Ever feel like you’re going in circles or dead on the path to achieving your goals? Setting goals can be tough. It can be hard to know if you have chosen something that you can accomplish. Sometimes goals can leave you deflated after having tried and tried to achieve your goal and not making much progress. Or, they can cause anxiety, not knowing how you’ll get the goal done. A lot of this stress and anxiety isn’t caused by the goal but by how you wrote your goal. If you write your goal correctly it will help to set the path for you to actually achieve it and stay motivated the whole time.
To help, you can download the goal writing worksheet at the end of this article.
No matter which goal writing system you use. There are three questions that you should ask about each one of your goals to know whether or not you wrote it right. These questions will help you to understand whether or not you’ve written your goal in a way that it will inspire and motivate you to achieve it. It will also help to ensure that you don’t get to what you believe to be the end of your goal and wonder whether or not you have actually succeeded.
Can You Measure The Outcome?
In order to stay on track you need to know exactly where you are going. For a goal, that means having a measurable outcome. Let’s take the age-old goal of weight loss. Simply stating you want to lose weight is not enough. Instead, you need to state how much weight you want to lose. This is something that can be tracked and measured.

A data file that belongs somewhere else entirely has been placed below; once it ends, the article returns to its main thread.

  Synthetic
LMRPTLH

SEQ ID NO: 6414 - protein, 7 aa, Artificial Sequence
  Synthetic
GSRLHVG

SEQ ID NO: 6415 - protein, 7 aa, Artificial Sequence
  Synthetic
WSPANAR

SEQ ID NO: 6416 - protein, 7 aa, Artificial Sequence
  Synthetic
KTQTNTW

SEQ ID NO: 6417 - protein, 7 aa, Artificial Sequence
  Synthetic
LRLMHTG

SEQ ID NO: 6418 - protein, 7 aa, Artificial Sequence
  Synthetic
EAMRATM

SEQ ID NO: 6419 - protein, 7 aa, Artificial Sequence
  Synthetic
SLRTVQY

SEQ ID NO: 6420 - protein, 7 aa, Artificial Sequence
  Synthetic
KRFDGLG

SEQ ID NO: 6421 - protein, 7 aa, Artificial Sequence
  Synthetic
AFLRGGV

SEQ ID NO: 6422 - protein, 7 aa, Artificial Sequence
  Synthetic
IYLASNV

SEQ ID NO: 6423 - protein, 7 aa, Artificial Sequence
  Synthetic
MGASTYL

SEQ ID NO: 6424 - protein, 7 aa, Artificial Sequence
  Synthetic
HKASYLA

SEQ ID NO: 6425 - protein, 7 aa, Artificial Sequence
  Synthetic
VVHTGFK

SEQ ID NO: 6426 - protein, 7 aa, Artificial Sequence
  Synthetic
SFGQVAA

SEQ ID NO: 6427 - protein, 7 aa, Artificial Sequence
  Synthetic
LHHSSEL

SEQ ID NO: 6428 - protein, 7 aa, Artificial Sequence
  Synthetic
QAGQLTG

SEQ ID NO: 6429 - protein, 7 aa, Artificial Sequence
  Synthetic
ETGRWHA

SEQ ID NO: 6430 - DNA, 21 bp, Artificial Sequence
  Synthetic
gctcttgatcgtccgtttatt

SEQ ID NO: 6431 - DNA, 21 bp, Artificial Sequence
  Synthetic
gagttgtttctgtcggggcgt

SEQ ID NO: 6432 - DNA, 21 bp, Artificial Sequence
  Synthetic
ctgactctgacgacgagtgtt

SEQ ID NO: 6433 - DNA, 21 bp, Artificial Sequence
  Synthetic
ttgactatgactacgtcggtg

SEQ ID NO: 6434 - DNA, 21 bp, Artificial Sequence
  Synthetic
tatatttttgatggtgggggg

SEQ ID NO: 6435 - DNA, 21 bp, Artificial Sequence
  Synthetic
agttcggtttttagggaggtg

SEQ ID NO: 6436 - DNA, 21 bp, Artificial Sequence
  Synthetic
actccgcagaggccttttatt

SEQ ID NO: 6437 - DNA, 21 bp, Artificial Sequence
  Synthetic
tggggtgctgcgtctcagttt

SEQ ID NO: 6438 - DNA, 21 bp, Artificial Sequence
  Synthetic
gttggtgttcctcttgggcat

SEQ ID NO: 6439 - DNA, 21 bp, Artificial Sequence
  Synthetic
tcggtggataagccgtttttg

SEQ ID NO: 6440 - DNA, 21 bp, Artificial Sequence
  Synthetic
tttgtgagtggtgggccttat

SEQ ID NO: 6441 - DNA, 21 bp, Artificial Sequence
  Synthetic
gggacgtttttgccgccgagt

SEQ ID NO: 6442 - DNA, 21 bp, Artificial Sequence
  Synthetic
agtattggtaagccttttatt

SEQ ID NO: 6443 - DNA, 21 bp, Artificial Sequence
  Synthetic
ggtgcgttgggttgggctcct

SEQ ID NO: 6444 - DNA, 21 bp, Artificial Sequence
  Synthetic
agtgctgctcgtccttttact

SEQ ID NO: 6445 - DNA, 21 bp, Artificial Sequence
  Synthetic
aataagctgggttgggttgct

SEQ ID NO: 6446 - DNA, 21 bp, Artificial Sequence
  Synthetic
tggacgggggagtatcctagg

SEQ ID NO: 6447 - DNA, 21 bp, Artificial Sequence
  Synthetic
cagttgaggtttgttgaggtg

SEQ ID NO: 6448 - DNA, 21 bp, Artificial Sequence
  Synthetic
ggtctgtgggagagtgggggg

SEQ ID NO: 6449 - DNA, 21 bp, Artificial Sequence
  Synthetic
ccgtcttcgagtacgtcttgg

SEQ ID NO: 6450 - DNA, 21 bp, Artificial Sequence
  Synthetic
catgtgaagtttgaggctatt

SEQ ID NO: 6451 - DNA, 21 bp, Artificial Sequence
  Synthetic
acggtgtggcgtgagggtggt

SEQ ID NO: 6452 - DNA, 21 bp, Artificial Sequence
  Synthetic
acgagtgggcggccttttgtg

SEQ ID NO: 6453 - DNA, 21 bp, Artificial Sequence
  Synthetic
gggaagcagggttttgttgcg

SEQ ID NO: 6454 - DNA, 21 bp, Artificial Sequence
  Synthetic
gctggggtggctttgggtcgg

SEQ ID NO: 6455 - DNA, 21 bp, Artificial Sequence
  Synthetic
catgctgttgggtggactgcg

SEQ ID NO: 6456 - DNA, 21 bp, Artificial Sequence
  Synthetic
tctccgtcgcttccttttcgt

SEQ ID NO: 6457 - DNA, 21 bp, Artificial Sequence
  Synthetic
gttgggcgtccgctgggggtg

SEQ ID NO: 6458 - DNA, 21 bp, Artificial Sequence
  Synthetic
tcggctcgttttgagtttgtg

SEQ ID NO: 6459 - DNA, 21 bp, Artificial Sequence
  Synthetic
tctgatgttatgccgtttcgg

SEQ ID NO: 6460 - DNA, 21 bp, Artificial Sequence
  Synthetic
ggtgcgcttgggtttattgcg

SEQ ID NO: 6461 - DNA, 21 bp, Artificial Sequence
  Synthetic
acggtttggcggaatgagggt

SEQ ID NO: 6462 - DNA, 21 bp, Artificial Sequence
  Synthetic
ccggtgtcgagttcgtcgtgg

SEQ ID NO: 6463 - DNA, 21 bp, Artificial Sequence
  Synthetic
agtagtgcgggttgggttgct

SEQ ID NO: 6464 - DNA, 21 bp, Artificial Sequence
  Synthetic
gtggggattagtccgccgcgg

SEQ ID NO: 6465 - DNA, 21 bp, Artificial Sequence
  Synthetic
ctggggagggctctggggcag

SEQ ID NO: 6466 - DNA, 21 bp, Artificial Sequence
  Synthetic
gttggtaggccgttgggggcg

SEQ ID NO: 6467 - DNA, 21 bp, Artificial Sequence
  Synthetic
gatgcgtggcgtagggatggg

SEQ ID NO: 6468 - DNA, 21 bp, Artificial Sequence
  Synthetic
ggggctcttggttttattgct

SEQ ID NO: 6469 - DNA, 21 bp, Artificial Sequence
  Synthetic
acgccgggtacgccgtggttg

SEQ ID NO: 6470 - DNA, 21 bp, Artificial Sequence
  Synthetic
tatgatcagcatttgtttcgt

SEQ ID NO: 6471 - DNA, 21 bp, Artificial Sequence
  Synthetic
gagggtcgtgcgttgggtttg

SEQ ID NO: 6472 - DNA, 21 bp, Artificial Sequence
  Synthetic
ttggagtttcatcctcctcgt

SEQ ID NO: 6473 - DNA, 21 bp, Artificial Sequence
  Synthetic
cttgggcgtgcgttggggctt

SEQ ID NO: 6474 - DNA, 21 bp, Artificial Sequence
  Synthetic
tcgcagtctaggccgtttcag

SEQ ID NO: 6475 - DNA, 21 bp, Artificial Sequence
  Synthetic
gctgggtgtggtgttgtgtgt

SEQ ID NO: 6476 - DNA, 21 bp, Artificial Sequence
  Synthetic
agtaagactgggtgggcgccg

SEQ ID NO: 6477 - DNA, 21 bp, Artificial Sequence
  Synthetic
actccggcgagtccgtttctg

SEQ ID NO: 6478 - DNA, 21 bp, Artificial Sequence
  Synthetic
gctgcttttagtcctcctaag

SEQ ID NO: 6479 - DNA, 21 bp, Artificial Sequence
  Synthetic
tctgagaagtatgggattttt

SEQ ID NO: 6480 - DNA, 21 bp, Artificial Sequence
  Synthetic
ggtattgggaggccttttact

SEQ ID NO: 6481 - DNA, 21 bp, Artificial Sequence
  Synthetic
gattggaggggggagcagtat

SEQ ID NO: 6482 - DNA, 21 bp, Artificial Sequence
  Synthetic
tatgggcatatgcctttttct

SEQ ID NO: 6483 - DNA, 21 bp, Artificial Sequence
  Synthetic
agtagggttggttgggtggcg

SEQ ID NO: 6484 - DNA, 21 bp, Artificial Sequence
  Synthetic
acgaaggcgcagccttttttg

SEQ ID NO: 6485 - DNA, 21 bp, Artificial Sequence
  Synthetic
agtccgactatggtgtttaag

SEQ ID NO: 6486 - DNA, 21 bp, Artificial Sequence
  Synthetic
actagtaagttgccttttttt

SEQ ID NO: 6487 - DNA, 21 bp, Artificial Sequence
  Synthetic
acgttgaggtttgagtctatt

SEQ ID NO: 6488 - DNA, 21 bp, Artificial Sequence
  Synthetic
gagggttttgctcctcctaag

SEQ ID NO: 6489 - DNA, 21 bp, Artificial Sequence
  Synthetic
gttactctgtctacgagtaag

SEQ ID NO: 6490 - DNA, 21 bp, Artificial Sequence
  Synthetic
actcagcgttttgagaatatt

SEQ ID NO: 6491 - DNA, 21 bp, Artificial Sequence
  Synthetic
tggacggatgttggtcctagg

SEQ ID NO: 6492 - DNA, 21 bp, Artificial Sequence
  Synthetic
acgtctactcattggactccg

Don’t write: I want to lose weight
Instead write: I want to lose 10lbs.
Does This Goal Show My Motivation?
It’s important that when you write your goals, they include your motivation. Another way to say this is, make sure the “why” for your goal is written in. Sticking with weight loss, say you want to lose 10 lbs. Why do you want to lose those 10 lbs? Say, it’s because you want to move around more easily and be more active in your kids’ lives. Write that into the goal.
Don’t just write: I want to lose 10lbs.
Instead write: I want to lose 10lbs so I can be more active with my kids
See how the second statement has more feeling? When you read this goal, on your weight loss journey it will remind you why you signed up for it in the first place. That helps to keep you motivated.
Does Your Goal Have a Deadline?
Goals need deadlines to be effective. Be sure that each of your goals have a deadline. These deadlines will allow you to stay on track and provide the urgency you need to complete your goal. Sticking with the weight loss example.
Don’t write: I want to lose 10 lbs so I can be more active with my kids
Instead write: I want to lose 10 lbs in the next 3 months so I can be more active with my kids.
A few examples of well and poorly written goals:
Don’t write: I want pay off my debt.
Instead write: I want to pay off my credit card debt in the next 9 months so I buy the kids exactly what they want for christmas.
Don’t write: I want to clean out my closet
Instead write: I want to remove the clothes I don’t need from my closet by next weekend so that I can have space for fabulous new things.
Don’t write: I want to learn a new language
Instead write: I want to learn level 1 Spanish by the end this season so that I can impress myself and get around more easily on our vacation to Mexico
Whatever your goal, be sure you have a measurable outcome, a deadline and the reason why you want this written in. You deserve great things and writing your goal this way will help. Download the goal writing worksheet below to help you write your goals with feeling and urgency.
If you are feeling stuck starting a goal, the two-minute rule can help, get the info here.
Don’t forget to sign up for the Rose Gold Mine, my free resource library. You’ll get free printable worksheets, workbooks, and checklists to help with goal setting, time management and self-care for busy moms.